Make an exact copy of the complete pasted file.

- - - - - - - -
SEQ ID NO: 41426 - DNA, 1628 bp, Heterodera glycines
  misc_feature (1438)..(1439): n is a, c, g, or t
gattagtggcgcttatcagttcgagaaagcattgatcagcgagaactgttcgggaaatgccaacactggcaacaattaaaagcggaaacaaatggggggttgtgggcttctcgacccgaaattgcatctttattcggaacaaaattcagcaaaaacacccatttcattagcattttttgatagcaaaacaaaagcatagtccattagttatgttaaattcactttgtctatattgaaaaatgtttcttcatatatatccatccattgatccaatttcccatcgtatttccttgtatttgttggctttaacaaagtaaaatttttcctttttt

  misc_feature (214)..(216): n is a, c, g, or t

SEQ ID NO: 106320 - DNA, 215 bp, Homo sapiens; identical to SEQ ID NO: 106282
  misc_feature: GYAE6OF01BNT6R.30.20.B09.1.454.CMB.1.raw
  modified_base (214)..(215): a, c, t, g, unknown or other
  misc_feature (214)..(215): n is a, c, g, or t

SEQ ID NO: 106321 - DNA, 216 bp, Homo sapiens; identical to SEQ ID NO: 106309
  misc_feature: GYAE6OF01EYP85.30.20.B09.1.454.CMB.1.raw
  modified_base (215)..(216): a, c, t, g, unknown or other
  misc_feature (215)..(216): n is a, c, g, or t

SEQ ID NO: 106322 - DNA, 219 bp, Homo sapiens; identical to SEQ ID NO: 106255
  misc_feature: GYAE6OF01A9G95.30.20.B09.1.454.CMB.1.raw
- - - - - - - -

SEQ ID NO: 41426 - DNA, 1628 bp, Heterodera glycines
  misc_feature (1438)..(1439): n is a, c, g, or t
gattagtggcgcttatcagttcgagaaagcattgatcagcgagaactgttcgggaaatgccaacactggcaacaattaaaagcggaaacaaatggggggttgtgggcttctcgacccgaaattgcatctttattcggaacaaaattcagcaaaaacacccatttcattagcattttttgatagcaaaacaaaagcatagtccattagttatgttaaattcactttgtctatattgaaaaatgtttcttcatatatatccatccattgatccaatttcccatcgtatttccttgtatttgttggctttaacaaagtaaaatttttcctttttt

  misc_feature (214)..(216): n is a, c, g, or t

SEQ ID NO: 106320 - DNA, 215 bp, Homo sapiens; identical to SEQ ID NO: 106282
  misc_feature: GYAE6OF01BNT6R.30.20.B09.1.454.CMB.1.raw
  modified_base (214)..(215): a, c, t, g, unknown or other
  misc_feature (214)..(215): n is a, c, g, or t

SEQ ID NO: 106321 - DNA, 216 bp, Homo sapiens; identical to SEQ ID NO: 106309
  misc_feature: GYAE6OF01EYP85.30.20.B09.1.454.CMB.1.raw
  modified_base (215)..(216): a, c, t, g, unknown or other
  misc_feature (215)..(216): n is a, c, g, or t

SEQ ID NO: 106322 - DNA, 219 bp, Homo sapiens; identical to SEQ ID NO: 106255
  misc_feature: GYAE6OF01A9G95.30.20.B09.1.454.CMB.1.raw